- One hundred percent of our staff returned to our workplace – a score of 2.2927, 24/41
Question Analysis 1
Following the discovery that the estimated cost of building a new Santa Clara County Jail has increased by nearly 77 percent due to epidemic-related inflation in the price of materials and labor, a surprisingly high percentage of our constituents now find themselves questioning the facility’s wisdom.
A small majority of supervisors approved the construction of the jail last January, following a delay that began in response to the murder of George Floyd. Unsurprisingly, criminal justice reform groups that opposed the facility spent little time calling on the council to reconsider its decision.
A final vote on the county budget is expected to take place next week.
Question Analysis 2
More than 72 percent of participants believe the state “should not treat fossil fuel consumers.” And yet, between 65 and 70 percent of those panelists support each of California’s four existing proposals for fuel tax breaks.
Such ambivalence demonstrates why tax relief measures have increased as gasoline prices have risen since Russia invaded Ukraine. Given the real effects of such inflation on consumers, even politicians behind the efforts to reduce U.S. fossil fuel consumption have stepped on this bandwagon.
It also demonstrates why carbon taxes and other efforts to raise the price of a gasoline tank have never attracted the same speed in the United States as in all of Europe. Gasoline is simply too essential for the lifestyle of the average citizen.
Consider this; According to GlobalPetrolPrices.com, the average American consumes more gas than a citizen of any other country. It’s almost twice as much as the average Australian, who consumes more than twice as much as the average Swede, who consumes almost twice as much as the average South Korean, who consumes almost four times as much as the average Hong Kong resident, who consumes more than four times as much as the average Indian.
Our panel members seem to believe that whoever reduces our thirst for gasoline must find a way to do so without raising its price.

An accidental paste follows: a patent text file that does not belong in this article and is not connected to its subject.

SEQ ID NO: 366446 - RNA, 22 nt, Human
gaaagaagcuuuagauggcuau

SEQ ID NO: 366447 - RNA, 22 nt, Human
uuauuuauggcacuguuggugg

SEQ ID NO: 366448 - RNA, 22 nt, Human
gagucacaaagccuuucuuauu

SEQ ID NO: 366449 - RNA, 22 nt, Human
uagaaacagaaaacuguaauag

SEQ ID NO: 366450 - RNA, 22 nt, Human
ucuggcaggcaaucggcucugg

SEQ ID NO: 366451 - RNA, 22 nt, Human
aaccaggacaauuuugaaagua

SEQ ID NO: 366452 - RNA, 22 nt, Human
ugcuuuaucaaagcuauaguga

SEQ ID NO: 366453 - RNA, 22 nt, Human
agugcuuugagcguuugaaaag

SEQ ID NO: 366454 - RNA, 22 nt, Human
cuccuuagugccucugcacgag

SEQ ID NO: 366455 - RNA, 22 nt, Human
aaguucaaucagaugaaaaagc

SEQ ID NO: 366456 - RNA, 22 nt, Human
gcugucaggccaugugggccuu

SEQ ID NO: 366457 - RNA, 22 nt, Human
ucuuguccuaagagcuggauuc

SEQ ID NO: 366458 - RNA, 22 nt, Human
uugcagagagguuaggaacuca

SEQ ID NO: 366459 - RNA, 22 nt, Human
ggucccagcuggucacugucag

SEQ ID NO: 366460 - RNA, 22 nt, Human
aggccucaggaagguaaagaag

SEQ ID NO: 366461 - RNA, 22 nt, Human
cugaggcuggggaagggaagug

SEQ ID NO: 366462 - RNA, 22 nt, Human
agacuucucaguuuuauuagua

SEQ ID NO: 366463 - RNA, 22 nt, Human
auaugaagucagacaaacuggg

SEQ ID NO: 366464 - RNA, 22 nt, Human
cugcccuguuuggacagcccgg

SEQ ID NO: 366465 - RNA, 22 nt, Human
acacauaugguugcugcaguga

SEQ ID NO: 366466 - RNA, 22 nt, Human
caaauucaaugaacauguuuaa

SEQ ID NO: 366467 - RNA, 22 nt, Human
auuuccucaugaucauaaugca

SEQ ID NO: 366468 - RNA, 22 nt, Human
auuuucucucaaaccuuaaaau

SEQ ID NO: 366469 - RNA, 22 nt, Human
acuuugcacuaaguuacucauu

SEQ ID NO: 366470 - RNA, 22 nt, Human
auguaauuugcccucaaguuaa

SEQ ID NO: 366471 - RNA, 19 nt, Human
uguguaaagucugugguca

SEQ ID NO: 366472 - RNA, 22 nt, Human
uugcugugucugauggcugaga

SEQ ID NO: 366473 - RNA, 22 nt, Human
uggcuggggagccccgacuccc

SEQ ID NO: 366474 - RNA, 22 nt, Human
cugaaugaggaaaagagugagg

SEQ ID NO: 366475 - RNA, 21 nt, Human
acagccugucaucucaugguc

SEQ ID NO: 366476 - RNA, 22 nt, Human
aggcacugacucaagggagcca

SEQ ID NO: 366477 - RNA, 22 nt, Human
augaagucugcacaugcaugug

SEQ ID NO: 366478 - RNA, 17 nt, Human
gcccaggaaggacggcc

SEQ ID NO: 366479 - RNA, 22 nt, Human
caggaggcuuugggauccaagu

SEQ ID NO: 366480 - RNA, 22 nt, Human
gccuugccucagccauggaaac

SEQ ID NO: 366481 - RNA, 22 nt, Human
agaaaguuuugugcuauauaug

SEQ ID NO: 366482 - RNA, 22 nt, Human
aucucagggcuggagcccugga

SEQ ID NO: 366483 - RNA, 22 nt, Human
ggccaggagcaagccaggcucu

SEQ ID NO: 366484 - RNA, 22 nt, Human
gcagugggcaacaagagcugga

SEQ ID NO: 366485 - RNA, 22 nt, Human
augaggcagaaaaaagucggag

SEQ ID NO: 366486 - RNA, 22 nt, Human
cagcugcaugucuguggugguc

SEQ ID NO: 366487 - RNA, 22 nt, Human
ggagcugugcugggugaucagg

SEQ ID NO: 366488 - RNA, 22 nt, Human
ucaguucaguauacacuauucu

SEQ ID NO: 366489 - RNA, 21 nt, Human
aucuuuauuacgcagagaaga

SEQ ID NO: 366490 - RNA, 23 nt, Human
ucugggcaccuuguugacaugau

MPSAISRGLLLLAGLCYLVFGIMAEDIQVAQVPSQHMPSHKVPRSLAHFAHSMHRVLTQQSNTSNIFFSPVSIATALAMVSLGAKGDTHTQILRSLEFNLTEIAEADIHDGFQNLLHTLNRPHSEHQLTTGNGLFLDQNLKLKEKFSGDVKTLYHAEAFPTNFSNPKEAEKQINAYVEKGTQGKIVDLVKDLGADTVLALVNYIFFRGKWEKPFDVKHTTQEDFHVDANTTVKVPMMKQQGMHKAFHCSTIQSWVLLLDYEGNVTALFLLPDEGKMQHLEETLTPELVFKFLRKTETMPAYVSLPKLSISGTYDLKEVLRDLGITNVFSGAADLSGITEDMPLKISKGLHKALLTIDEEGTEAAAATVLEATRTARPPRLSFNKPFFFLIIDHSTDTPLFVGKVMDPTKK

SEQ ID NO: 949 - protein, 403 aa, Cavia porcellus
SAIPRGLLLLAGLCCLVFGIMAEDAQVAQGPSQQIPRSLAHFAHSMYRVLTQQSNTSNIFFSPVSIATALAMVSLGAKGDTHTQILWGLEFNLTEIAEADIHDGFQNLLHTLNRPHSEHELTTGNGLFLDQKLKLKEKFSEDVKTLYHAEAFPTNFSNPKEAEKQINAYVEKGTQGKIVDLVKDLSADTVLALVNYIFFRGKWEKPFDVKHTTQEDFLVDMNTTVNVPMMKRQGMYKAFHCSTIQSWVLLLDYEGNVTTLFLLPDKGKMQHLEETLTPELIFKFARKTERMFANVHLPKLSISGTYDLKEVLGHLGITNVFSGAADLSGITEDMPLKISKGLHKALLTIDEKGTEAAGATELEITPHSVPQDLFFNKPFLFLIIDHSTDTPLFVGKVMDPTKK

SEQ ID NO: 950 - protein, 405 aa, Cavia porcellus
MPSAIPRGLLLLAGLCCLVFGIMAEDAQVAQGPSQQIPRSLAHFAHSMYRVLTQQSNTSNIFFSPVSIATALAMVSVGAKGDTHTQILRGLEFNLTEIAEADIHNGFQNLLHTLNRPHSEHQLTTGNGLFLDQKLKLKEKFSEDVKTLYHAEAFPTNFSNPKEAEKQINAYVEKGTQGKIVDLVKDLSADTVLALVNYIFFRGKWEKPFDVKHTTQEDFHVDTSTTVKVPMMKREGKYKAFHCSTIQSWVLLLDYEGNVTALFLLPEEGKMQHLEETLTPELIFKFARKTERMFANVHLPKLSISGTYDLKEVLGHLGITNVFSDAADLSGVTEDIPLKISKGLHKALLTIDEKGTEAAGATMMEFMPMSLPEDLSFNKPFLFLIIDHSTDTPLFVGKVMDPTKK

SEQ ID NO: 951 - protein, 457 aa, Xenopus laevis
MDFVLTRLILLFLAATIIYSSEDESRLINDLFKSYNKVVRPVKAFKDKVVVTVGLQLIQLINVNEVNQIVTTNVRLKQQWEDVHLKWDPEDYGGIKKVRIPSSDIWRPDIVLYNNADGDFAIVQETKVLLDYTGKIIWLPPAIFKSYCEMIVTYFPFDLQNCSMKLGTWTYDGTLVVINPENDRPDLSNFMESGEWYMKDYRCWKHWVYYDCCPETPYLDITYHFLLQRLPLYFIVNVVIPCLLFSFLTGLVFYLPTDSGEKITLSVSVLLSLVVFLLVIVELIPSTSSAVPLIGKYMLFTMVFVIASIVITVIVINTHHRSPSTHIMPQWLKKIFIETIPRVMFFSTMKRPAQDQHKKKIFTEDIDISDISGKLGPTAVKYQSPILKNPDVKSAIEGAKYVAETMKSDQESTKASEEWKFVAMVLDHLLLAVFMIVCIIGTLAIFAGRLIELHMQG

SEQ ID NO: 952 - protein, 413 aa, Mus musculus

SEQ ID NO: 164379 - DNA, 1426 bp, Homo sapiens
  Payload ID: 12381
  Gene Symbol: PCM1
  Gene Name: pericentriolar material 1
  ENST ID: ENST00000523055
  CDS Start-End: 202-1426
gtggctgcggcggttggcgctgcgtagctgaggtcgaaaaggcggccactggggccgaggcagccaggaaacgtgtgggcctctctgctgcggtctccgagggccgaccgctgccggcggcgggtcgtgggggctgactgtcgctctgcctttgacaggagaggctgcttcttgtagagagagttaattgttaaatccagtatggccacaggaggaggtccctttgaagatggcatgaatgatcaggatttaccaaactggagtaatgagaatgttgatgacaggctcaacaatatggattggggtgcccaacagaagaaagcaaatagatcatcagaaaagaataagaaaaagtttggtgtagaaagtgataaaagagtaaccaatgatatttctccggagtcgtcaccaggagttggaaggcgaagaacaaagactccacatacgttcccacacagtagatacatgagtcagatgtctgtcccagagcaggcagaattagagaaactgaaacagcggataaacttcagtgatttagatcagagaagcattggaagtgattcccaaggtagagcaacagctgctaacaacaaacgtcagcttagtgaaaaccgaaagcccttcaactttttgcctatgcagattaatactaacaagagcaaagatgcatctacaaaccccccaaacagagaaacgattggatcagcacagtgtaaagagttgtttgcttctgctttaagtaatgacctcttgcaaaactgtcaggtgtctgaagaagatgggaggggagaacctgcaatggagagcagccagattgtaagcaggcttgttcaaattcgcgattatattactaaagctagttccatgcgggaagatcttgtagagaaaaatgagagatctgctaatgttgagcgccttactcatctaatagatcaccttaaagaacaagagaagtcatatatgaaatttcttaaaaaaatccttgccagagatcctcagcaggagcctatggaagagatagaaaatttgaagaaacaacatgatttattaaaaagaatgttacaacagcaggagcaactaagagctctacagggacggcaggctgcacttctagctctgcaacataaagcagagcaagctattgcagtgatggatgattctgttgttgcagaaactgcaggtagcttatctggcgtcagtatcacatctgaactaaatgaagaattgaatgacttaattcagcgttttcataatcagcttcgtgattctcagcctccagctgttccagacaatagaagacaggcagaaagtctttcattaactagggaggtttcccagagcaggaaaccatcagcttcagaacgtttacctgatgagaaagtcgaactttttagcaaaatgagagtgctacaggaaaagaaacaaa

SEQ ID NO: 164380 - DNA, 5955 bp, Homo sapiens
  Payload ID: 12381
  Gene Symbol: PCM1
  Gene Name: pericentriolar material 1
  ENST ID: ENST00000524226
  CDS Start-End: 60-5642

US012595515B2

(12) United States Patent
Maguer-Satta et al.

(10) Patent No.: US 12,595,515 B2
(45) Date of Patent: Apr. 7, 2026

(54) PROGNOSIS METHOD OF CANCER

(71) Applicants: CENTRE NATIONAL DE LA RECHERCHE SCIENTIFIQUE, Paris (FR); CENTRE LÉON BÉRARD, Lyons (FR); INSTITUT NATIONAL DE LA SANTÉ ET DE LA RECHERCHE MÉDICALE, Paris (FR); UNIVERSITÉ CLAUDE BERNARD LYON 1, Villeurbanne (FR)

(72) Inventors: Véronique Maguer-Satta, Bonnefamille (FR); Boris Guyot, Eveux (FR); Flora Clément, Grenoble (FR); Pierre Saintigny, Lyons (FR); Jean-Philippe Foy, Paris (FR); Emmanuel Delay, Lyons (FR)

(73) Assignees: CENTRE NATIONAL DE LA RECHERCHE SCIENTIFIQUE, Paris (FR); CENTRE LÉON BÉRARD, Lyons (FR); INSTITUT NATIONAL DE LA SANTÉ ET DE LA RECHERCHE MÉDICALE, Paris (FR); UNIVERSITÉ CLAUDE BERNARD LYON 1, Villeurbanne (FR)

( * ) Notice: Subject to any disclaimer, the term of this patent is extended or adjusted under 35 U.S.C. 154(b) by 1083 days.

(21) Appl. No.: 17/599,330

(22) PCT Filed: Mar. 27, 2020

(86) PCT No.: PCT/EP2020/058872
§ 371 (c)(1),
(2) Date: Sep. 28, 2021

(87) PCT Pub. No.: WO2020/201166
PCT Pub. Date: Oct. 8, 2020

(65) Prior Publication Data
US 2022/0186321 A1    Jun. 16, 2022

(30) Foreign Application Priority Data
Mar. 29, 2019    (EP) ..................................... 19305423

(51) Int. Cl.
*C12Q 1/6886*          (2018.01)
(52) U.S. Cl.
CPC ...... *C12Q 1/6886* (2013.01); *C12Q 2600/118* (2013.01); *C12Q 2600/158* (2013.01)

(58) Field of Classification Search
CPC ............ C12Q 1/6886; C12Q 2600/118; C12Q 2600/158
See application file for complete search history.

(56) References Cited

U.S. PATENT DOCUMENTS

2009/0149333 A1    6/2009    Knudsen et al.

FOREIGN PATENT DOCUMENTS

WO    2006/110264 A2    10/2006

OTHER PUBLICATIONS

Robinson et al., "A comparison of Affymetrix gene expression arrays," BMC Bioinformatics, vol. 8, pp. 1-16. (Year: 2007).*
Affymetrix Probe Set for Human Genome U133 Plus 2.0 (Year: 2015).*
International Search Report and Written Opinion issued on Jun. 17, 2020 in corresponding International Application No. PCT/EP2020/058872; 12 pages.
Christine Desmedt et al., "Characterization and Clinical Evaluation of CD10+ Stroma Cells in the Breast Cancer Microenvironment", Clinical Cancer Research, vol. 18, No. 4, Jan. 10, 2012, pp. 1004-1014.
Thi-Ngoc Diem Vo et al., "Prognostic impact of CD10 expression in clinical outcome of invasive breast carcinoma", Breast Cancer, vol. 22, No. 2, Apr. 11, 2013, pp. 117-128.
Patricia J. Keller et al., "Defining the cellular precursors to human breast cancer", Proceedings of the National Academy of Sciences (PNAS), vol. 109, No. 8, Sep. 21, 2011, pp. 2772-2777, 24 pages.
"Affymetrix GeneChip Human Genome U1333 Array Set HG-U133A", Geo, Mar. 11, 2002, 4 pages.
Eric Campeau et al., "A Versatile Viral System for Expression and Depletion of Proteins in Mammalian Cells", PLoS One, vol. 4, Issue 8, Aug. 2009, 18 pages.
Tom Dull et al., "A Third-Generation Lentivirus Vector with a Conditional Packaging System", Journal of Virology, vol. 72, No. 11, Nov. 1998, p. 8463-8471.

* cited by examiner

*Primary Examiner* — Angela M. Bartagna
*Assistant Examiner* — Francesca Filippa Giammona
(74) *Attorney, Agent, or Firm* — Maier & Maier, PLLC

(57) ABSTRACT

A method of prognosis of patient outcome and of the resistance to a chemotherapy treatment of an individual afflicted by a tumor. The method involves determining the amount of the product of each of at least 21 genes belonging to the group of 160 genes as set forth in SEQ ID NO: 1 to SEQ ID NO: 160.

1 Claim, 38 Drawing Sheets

Question Analysis 3
When it comes to Covid, Santa Clara County is not your typical county, having clearly created a reputation for being one of the most cautious places in the entire United States. However, it is still somewhat surprising that 63 percent of respondents do not expect to attend major events in the same way they did before the epidemic. As the attitude regarding the plague is looser in other parts of the country, perhaps a new garlic festival will indeed take root in Stockton.
Question analysis 4
When it comes to the workplace of the future, Elon Musk is undoubtedly an exception in Silicon Valley. There is broad agreement among our panel members that the work will look different from what it was before the epidemic.
Nearly 93 percent of respondents expect employees to continue to demand flexible work arrangements for a long time. More than 63 percent said they now have colleagues who work remotely, and exactly the same percentage consider such arrangements sustainable. Quite interestingly, however, an even higher percentage of respondents said that remote work has proven to be problematic, implying that many believe that not all jobs are equally suitable for such flexibility.
However, like Musk, who recently told Tesla employees to return to their jobs if they want to keep their jobs, more than half of our respondents ’bosses expect life to return to normal. Until employers and their employees see these issues in a similar way, it is likely to anticipate workplace tensions as Cubid changes from epidemic to endemic.
The San Jose Inside Power Poll is not a scientific survey. Instead, we ask questions of influential people with a wide range of perspectives to help promote an intelligent dialogue about the city. The power survey is by no means partisan.
Poll Respondents Wary of Rising Costs of Santa Clara County Jail Source link Poll Respondents Wary of Rising Costs of Santa Clara County Jail